I love the smell of a new book—the sandpapery feel of the paper between my fingers, the gentle rustle of the pages turning. I take pride in the number of spines of various heights, colors, and thicknesses littering my bookshelves. However, I have a confession. Despite twelve years working in print publishing as a writer and editor, I have not read a print book for pleasure in the past year. Don’t get me wrong: I’m a voracious consumer of content. I read online articles daily. I listen to podcast episodes and new music on Spotify. I watch whatever new shows the algorithms of Netflix, Hulu, and Amazon Prime tell me I will like. I read my two small kids their favorite picture books at bedtime. But I can’t remember the last time I cozied up with a good paper book and a cup of tea to read for fun.
I’m in good company. According to a 2019 Pew Research Center study, 27 percent of adult Americans have not read a book in the past year.1 The data for kids is not much more encouraging. According to the 2019 Scholastic Reading Report, 20 percent of kids aged 6 to 17 reported reading a whopping zero books over the summer. The breakdown takes place along distressingly predictable demographics. If you are from a lower-income family, are educated with a high school diploma or lower, or are BIPOC, you’re less likely to read for pleasure.2 For kids, a major sticking point seems to be access to books. If you are fortunate enough to be from a family that makes more than $100,0003 per year, you will have twice as many books in the home as your classmate from a family who makes less than $35,0004 per year.
Enough stats. What does this mean for publishers?
It’s tempting to blame this decline (and it is a decline, according to previous studies on both child and adult reading) on smartphones, Fortnite, TikTok, kids today, millennials, etc. But I think it’s worth asking ourselves, as publishers, if our nostalgia for print books is alienating potential readers. Print is not as accessible as online content. It’s expensive to produce. It’s risky. If your print books don’t sell, they are often destroyed at a loss. The world changes quickly, and print doesn’t always age well. Moreover, getting a book in print typically involves a litany of gatekeepers (agents, editors, marketing, sales, etc.) whose job it is to mitigate as much risk as possible to ensure books DO sell, and do so without drawing the ire of a reviewer or the internet in general. These gatekeepers tend to have a similar profile. You know who I mean. A straight white woman with an English degree and quirky glasses who lives and breathes CMS and worked various unpaid internships before finally breaking into the industry.5 We mean well—I know, I’m one of them! But our relative homogeneity makes it difficult if not impossible for new voices and diverse experiences to be authentically shared, no matter how “woke” we may think we are. Content creation is in the hands of a privileged few with the education, time, and means to generate the kinds of content that resonate with these gatekeepers and their vision for the world.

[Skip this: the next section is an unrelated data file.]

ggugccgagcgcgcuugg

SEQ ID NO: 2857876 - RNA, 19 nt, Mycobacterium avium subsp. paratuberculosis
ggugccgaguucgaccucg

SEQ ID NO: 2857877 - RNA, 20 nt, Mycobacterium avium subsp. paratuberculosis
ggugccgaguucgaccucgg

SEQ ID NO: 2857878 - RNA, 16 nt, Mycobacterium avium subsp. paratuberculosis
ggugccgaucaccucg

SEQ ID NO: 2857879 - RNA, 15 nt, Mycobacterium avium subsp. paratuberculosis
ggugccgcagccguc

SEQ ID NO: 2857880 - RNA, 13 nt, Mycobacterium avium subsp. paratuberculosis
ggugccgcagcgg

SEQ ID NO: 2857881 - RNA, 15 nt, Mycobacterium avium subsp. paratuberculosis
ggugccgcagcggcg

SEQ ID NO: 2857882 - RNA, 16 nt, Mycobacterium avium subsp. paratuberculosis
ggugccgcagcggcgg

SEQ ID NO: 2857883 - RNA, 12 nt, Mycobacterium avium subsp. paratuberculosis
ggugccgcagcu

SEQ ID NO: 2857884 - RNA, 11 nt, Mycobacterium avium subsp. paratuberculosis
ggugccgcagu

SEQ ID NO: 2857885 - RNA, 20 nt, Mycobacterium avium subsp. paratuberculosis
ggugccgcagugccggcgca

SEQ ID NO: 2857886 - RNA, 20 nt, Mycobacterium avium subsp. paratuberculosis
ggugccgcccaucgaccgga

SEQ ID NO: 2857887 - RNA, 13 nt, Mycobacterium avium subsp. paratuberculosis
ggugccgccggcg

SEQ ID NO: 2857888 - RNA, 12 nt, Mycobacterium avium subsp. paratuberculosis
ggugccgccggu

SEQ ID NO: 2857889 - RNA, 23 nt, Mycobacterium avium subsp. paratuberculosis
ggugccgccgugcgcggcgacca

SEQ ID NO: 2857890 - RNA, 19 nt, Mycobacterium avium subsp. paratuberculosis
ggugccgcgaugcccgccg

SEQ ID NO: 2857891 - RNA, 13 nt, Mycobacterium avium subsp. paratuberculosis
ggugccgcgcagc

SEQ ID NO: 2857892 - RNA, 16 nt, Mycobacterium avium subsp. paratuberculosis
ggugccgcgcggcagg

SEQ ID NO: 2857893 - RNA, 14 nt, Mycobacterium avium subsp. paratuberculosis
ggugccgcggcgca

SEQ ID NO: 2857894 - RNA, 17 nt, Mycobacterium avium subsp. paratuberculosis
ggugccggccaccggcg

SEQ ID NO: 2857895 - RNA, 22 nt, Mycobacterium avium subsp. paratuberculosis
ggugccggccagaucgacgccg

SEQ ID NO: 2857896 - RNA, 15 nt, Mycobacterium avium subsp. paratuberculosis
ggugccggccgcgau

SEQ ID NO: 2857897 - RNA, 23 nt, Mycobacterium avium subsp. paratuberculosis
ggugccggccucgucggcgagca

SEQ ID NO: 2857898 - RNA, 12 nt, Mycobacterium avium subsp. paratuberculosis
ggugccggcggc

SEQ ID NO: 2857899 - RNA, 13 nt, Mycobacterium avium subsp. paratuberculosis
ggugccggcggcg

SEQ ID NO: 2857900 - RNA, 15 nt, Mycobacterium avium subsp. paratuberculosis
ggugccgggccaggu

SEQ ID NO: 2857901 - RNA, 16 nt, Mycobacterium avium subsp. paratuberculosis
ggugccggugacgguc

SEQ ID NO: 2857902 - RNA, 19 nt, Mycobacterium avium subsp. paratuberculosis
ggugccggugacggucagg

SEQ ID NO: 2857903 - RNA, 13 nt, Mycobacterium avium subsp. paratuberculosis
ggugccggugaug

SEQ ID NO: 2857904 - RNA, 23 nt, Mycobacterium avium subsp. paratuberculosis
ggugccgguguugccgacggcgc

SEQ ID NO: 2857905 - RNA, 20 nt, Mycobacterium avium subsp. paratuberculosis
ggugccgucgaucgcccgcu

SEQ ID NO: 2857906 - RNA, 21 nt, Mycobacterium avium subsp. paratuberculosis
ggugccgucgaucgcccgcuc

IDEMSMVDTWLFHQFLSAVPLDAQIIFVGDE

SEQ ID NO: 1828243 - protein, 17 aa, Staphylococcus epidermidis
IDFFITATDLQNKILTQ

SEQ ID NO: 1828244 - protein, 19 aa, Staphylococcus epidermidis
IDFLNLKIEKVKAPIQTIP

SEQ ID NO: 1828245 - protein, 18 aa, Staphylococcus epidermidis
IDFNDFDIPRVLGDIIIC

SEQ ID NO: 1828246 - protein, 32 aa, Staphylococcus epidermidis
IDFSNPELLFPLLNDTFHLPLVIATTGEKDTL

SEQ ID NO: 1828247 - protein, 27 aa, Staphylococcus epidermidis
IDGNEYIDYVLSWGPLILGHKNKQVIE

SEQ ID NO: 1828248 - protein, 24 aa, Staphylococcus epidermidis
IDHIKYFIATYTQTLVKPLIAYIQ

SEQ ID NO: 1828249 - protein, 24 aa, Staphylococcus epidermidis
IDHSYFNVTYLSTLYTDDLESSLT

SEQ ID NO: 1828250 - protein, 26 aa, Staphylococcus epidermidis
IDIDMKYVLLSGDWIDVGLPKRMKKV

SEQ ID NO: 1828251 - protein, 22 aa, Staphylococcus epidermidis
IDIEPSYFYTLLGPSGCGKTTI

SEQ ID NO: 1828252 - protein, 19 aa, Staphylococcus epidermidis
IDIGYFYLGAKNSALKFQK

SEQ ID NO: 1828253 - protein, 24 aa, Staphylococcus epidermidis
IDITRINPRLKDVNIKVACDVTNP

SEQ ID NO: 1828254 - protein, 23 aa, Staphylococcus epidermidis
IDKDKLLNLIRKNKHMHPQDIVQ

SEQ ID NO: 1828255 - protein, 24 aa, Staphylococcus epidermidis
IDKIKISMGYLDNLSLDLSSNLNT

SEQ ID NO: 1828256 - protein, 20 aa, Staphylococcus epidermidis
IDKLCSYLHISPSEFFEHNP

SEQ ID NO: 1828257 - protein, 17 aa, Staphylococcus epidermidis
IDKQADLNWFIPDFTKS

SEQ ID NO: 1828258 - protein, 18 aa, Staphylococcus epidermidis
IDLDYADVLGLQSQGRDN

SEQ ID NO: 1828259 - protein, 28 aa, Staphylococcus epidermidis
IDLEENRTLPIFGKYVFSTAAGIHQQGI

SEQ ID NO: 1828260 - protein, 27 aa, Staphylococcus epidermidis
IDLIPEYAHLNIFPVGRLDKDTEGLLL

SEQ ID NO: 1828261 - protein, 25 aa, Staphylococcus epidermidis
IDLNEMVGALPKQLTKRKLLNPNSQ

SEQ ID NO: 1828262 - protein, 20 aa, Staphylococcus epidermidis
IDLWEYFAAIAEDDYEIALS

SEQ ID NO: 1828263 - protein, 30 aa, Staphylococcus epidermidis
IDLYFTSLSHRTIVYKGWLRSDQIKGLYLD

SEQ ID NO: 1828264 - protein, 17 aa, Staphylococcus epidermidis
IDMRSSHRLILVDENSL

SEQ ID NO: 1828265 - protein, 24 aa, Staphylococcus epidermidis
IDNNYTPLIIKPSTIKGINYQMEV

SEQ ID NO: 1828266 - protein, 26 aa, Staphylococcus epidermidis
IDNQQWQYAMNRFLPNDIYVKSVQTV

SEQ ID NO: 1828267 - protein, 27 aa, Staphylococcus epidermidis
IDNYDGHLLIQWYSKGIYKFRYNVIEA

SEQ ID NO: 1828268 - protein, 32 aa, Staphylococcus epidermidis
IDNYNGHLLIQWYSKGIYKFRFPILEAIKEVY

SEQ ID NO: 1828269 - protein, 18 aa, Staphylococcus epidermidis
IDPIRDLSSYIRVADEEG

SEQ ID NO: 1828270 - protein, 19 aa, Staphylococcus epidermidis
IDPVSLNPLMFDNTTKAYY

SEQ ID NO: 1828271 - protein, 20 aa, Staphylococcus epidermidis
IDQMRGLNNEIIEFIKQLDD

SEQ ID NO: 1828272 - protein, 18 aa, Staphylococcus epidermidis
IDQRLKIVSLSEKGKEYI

Things are changing, albeit slowly. Self-publishing has finally lost some of its stigma and is at an all-time high.6 Print-on-demand has made it possible to print just a few copies of a book at a time. And the rise of audiobooks and ebooks has made once print-exclusive content more accessible than ever before. But we can go further. We can do more.
Publishing is not about print, nor should it be. It’s about storytelling, generating and sharing ideas and experiences with one another. It’s more than a sound bite or a snappy headline. Publishing is a long conversation. I would encourage anyone who reads this to imagine a future where there are no more print books, not with denial or fear, but with excitement. What does that look like? What opportunities does it afford? What new format could take publishing into the future in a way that’s inclusive, imaginative, and accessible? Publishing has never exactly been a driver of change. But maybe now is the time to take risks, make mistakes, learn from them, and make sure we don’t get left behind in the content wars in progress and to come.
Here are two final, encouraging stats: when asked what they wanted from books, 40 percent of kids wanted books that let them explore new places and worlds, and 25 percent wanted books that allowed them to imagine and understand other people’s lives.7 That’s what books have always done, better than video games, television, movies, music, and magazines. I think this can be chalked up to the fact that publishers care. We are passionate about producing quality content that changes the world for the better. We’re in it for the long haul, not to get rich quick or seek our 15 seconds of fame. So, we must adapt to the times. We must make more voices heard. We can’t afford not to—our livelihoods depend on it.
Lauren Kukla is the former president of MBPR and a current board member at large. She is the publishing director of Mighty Media, Inc. The views expressed in this post are her opinion and do not necessarily reflect the views of MBPR or Mighty Media, Inc.